There are few things in American pop culture more beloved than the Blue Light Special. Ask anyone in the United States over a certain age about it, and chances are you’ll get a smile and some happy childhood memories. The Blue Light Special was one of the greatest retail inventions. In the mid- to late-20th century, shoppers at the discount department store chain K-Mart would see a bright, spinning police light in a certain area of the store that would announce a special sale of a certain item for a very limited time — for as long as that blue light was on.
Shoppers would rush over to wherever the light was, and even if the sale item was something they didn’t necessarily want or need, the spontaneity and limited time of the sale would often influence an on-the-spot purchase. This all might sound quaint in the early 21st century, but the Blue Light Special was not unlike what the online ‘flash sale’ is like today. The bright light, the limited time, the rush of shoppers trying to get to the merchandise — it all sounds very ‘omnichannel,’ doesn’t it?
I was just reading a news item about a study from Juniper Research that reports that by 2020, retailers will spend US$ 2.5 billion on the IoT, up from the US$ 670 million it estimates they will spend over the course of the current year. The reason is that retailers are creating ecosystems that will combine beacons and wearable technologies and even in-store tablets, so the sales associate helping you find that perfect jacket also becomes the cashier — an instant point of sale. Those retail ecosystems will appeal to all your senses and, more importantly, be available to you wherever you are and whenever you want to shop. Seamlessness and simplicity are retail qualities that everyone talks about but not everyone has achieved.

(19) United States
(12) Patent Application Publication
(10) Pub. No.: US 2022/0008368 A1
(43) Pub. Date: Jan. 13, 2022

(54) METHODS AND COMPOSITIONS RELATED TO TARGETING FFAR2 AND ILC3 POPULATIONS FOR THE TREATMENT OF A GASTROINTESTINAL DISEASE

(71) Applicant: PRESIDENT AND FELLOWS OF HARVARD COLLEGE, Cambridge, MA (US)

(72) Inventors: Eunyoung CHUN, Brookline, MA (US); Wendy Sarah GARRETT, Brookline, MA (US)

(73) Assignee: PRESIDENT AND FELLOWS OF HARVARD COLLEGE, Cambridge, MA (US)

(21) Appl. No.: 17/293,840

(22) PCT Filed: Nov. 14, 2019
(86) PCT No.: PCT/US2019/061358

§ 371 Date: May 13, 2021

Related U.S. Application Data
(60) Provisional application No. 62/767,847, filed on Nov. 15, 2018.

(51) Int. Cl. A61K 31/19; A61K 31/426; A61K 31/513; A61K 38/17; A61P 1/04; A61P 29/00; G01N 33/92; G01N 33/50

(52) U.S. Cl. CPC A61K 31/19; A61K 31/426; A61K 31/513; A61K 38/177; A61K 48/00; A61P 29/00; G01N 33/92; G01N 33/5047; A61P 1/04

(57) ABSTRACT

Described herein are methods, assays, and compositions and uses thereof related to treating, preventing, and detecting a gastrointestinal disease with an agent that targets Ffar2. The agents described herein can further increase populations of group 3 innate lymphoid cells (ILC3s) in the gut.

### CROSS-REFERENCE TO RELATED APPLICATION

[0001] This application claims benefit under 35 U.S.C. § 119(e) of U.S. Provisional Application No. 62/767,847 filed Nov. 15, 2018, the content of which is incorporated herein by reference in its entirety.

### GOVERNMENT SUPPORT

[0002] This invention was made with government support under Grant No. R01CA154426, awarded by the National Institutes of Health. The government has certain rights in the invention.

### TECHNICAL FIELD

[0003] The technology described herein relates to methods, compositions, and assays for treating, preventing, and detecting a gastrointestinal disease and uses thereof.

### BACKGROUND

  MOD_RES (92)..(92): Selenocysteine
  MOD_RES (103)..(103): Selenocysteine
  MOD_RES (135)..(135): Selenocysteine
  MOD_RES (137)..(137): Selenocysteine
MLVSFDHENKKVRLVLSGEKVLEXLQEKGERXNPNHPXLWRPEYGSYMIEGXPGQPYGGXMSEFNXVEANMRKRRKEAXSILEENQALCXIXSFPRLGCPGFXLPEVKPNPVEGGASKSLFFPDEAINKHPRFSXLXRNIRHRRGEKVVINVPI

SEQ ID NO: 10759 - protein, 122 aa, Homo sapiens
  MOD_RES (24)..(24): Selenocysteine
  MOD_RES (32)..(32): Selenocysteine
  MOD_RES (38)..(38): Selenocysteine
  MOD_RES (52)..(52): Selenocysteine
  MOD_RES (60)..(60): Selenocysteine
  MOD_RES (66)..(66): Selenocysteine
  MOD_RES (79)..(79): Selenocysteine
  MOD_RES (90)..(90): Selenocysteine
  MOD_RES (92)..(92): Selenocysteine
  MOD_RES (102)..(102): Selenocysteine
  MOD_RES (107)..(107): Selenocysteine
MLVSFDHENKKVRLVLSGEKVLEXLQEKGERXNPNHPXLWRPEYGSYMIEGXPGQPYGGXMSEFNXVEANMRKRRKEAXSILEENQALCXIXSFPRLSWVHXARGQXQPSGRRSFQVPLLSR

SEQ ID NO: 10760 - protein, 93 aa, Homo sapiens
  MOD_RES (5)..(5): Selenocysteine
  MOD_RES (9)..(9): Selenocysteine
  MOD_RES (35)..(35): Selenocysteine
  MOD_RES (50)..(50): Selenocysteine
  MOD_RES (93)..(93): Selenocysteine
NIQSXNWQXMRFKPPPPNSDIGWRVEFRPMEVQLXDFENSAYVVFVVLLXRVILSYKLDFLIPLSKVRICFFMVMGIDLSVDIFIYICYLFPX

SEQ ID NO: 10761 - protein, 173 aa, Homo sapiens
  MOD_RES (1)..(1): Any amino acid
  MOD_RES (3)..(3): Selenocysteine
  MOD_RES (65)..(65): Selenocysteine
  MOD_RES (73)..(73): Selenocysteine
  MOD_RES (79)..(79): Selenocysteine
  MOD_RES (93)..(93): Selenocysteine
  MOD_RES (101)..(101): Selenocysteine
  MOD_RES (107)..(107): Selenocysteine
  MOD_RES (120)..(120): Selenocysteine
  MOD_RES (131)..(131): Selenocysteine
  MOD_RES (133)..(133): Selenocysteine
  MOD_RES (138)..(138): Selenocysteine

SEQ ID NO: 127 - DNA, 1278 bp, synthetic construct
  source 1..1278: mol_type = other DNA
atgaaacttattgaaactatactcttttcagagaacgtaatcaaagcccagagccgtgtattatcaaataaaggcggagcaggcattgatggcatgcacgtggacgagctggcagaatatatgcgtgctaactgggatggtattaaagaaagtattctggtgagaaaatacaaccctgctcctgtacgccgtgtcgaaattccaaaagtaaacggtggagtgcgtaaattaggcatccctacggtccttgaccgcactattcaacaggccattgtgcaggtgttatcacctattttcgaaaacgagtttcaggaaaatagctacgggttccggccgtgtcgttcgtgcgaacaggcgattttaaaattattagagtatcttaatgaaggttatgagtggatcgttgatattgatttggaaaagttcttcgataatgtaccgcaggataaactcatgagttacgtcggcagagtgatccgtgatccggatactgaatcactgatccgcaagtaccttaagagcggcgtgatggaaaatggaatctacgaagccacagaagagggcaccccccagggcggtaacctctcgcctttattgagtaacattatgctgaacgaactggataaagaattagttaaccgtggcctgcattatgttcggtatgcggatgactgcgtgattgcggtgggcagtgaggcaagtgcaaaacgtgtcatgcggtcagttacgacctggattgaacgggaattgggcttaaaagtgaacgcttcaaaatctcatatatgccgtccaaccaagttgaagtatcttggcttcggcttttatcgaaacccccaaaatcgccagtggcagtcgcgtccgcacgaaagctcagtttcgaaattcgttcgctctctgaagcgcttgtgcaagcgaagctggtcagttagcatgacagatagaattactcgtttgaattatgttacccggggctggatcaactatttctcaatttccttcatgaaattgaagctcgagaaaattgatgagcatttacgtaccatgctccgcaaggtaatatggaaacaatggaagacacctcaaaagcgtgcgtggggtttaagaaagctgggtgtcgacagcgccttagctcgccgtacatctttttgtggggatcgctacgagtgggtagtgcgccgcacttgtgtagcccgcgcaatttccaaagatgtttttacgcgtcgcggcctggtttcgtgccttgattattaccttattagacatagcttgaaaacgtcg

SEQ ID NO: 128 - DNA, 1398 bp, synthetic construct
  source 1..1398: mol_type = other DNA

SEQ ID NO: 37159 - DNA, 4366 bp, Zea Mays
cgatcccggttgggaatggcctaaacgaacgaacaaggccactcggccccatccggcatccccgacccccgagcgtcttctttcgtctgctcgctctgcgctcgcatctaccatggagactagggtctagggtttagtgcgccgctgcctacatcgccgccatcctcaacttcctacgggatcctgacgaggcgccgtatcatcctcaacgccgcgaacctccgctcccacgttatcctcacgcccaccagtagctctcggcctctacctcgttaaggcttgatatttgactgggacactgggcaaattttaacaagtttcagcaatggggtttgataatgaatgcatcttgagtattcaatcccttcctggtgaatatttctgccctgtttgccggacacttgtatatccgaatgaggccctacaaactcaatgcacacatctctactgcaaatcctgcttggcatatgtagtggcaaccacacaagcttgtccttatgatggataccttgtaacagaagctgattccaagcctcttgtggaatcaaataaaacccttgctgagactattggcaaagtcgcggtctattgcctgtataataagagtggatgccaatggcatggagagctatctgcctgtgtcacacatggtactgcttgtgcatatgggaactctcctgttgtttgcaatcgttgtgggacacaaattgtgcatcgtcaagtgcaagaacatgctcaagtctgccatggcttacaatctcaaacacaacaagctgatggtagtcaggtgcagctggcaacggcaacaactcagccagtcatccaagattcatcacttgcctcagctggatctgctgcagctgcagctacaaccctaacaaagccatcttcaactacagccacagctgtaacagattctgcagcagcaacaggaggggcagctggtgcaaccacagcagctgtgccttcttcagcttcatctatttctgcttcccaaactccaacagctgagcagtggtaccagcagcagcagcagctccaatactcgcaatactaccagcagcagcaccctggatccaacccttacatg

I co-founded Skava (now an Infosys company), an innovative firm that has brought the omnichannel retail experience to new levels of seamlessness and simplicity. During Oracle OpenWorld 2015, Skava’s co-founder, Sudha Varadarajan, spoke about the one thing that should be on top of every retailer’s mind: giving consumer’s the best experience. Our solutions portfolio, including smart zones, search, mobile merchandising, customer recommendations, registrations, and wish lists is helping many retailers do just that. During last year’s ‘Black Friday’ peak, the combined client traffic of Skava experienced five million page views per hour.
We keep hearing a lot about ‘creating’ or ‘making’ a consumer experience that combines so many digital channels because that’s the future of retailing. Remember when bookstores went out of business because they didn’t have a good online strategy? And then online booksellers started to slump because consumers missed the experience of browsing through dusty bookstores and coming upon a unique book? That’s the essence of omnichannel commerce: when a retailer creates the optimal experience for the shopper whether it’s on a mobile device or within a bricks-and-mortar outlet. The experience is a seamless and simple one whenever and wherever it happens.
Combining all those channels isn’t easy. It got me thinking about how a famous restaurateur made headlines last week when he declared that he would institute a ‘no-tipping’ policy in all of his company’s 13 gourmet restaurants. At first, consumers complained that the policy was a ploy to raise prices across the board. But then the CEO made an interesting point: tipping is an outdated custom. A ‘no-tipping’ policy places the onus on the servers, cooks, hostesses, and other employees of each restaurant to provide outstanding service – every time. After all, consumers pay a flat rate for a digitally coordinated car service like Uber to pick them up. They don’t expect to ride in dirty taxis with unpredictable service, and tip the driver when the experience is otherwise (or surpasses your expectations).
The restaurant example is just one example, where the consumer browses for reviews online, make a reservation from her smartphone, ride to the restaurant in, yes, a car service like Uber, and comment on the meal in real-time across social media outlets. With coverage like that, you can bet the onus is on the restaurant to deliver dazzling service and excellent food. That’s because the various tools and features in a typical suite of omnichannel products places the enterprise and the consumer on equal footing, and through analytics and Big Data, empowers the business to improve its relationship with its consumers every step of the way.
Just as K-Mart’s Blue Light Special of the 1970s kept shoppers excited, so do perfectly developed omnichannel retail experiences. Better still, omnichannel commerce works so well because it keeps shoppers engaged AND retailers on their feet – with ever rising expectations on service and experiences — wherever those experiences might take place.